A pair of 17th-century marble angels that decorated a southern Italian church are back home on Italian soil
A British art collector who bought a pair of 17th-century marble angels from a Neapolitan antiques shop two decades ago has returned the winged “putti” to Italy’s art police after learning that they had been stolen from a church.
Italy’s carabinieri art police said the unnamed collector had tried to resell the angels at an antiques shop in Avignon, France before his planned move from France to Portugal when French art police flagged them as possible stolen goods.
Italy’s art police said Tuesday that the angels, decorated with strategically placed vine of leaves and fruit, had been stolen from the St. Sebastian church in Guardia Sanframondi, northeast of Naples, on Dec. 13, 1989. Police said the collector was ignorant of the angels’ origin and offered to return them without any legal fight.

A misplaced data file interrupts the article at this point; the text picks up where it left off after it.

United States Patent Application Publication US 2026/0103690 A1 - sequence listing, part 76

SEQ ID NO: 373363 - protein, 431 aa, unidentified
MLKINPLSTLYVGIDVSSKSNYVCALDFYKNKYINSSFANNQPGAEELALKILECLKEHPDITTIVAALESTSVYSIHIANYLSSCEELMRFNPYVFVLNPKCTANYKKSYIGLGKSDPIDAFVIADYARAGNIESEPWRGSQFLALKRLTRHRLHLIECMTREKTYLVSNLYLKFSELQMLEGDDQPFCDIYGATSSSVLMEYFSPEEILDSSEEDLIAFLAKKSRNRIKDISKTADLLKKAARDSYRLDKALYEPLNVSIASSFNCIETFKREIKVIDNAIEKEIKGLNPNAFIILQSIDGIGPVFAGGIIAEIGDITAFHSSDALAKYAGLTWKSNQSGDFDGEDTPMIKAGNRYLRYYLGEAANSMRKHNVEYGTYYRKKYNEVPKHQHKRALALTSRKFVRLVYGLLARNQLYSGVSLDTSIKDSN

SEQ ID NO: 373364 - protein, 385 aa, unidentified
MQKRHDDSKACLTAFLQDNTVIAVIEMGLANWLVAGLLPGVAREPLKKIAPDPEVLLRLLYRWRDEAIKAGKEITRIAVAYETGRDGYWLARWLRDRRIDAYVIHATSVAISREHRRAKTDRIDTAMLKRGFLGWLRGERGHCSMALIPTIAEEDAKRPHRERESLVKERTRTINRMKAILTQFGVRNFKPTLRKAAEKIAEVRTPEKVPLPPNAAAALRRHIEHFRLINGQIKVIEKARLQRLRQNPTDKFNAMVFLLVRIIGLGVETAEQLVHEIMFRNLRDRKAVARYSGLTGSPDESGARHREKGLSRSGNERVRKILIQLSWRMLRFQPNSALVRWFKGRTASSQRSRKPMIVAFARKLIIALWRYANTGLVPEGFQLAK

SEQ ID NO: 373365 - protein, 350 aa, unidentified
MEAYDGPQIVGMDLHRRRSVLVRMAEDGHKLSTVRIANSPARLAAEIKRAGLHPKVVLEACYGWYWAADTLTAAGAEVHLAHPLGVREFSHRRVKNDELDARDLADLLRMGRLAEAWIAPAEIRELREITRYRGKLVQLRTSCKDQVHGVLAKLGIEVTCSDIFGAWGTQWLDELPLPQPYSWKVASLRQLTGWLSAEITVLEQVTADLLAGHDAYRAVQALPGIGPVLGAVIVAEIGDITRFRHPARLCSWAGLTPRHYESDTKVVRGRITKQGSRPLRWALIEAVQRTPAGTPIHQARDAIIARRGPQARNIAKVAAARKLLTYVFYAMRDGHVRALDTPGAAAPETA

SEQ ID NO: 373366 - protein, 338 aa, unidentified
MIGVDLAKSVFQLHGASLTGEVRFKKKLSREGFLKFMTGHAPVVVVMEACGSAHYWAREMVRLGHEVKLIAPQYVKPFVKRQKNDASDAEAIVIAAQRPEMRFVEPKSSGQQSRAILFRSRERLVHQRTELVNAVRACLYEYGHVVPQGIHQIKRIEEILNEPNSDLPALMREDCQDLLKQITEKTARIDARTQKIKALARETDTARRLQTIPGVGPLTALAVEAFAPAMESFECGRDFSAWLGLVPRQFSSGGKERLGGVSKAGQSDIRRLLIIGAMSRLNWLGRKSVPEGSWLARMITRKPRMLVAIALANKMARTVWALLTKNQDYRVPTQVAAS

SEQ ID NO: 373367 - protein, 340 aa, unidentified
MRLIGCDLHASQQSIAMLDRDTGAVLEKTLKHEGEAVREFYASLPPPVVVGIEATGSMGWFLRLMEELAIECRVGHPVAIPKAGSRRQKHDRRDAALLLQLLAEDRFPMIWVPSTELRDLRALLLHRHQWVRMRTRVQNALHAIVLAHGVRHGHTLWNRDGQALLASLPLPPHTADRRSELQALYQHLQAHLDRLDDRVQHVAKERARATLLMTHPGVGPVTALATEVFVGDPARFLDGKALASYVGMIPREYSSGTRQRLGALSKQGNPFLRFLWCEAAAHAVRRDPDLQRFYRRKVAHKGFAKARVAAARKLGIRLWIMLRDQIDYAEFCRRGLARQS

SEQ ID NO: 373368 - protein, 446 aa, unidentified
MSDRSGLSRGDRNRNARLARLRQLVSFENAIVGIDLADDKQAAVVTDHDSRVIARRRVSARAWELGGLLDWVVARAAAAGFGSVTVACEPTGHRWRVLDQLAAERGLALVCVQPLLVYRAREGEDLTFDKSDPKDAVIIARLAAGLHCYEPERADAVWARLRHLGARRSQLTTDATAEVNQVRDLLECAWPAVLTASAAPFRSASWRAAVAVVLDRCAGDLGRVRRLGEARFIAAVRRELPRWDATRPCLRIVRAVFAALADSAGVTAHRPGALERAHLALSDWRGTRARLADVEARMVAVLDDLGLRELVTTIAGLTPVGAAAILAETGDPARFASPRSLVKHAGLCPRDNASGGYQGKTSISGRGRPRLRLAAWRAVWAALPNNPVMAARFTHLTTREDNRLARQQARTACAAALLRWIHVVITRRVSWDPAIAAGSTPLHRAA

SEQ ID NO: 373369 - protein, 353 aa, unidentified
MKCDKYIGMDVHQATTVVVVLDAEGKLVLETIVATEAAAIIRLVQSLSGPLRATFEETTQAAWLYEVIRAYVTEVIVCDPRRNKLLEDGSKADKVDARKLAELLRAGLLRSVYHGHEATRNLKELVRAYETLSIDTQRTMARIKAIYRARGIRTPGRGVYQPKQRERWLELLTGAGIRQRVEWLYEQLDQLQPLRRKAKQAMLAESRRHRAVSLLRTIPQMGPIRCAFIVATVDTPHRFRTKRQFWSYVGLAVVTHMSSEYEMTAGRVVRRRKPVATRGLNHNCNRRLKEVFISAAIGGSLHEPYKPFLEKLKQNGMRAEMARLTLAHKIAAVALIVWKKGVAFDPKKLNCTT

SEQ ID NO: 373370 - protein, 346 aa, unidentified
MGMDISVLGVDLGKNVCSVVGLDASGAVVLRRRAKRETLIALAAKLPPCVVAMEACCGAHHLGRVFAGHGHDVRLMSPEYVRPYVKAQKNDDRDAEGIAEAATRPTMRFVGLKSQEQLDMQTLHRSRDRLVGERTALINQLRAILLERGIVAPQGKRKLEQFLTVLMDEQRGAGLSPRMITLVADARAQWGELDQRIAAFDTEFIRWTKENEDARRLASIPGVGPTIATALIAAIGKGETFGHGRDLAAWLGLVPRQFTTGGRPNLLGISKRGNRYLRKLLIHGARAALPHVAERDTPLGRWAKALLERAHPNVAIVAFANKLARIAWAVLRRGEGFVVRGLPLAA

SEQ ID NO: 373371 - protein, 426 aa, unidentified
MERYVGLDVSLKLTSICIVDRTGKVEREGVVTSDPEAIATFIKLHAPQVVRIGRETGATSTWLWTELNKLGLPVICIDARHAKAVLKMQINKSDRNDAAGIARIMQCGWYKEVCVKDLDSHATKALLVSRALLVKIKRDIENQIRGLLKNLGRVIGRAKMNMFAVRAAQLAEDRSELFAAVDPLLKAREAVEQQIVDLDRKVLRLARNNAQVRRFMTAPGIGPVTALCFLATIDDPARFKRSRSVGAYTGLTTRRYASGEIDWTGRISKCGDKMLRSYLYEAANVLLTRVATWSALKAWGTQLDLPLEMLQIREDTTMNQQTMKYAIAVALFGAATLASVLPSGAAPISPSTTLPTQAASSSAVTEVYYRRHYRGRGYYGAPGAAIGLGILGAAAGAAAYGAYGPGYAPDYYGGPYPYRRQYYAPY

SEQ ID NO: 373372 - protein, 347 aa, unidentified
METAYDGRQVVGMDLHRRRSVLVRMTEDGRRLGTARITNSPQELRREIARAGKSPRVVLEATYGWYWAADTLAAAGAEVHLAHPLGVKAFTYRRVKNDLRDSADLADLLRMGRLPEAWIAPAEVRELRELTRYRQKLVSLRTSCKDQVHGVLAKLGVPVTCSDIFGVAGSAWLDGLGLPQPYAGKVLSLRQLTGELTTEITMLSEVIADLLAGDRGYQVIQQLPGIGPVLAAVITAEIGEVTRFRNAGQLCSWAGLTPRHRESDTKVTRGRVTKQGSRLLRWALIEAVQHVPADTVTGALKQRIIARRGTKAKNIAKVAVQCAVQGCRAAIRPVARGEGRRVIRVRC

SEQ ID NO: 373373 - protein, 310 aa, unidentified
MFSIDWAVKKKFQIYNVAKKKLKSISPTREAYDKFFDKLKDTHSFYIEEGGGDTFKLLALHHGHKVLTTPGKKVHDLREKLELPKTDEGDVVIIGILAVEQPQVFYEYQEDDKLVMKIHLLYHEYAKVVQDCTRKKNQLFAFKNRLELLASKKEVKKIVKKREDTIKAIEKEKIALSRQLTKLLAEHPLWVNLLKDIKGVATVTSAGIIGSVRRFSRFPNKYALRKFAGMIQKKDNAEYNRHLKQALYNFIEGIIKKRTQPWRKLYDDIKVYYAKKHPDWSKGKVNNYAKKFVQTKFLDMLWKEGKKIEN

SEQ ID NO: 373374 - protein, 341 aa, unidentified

They were formally handed over Tuesday to Italy at a ceremony at the French Embassy.
In a statement, the carabinieri noted that churches in the area had been subjected to numerous thefts after the 1980 Irpinia earthquake leveled huge swaths of southern Italy.
The police noted that another set of angels, similarly reported as stolen in the carabineri’s database, was recently returned to another Guardia Sanframondi church after they were located in a Milan antiques shop and recognized by the church pastor.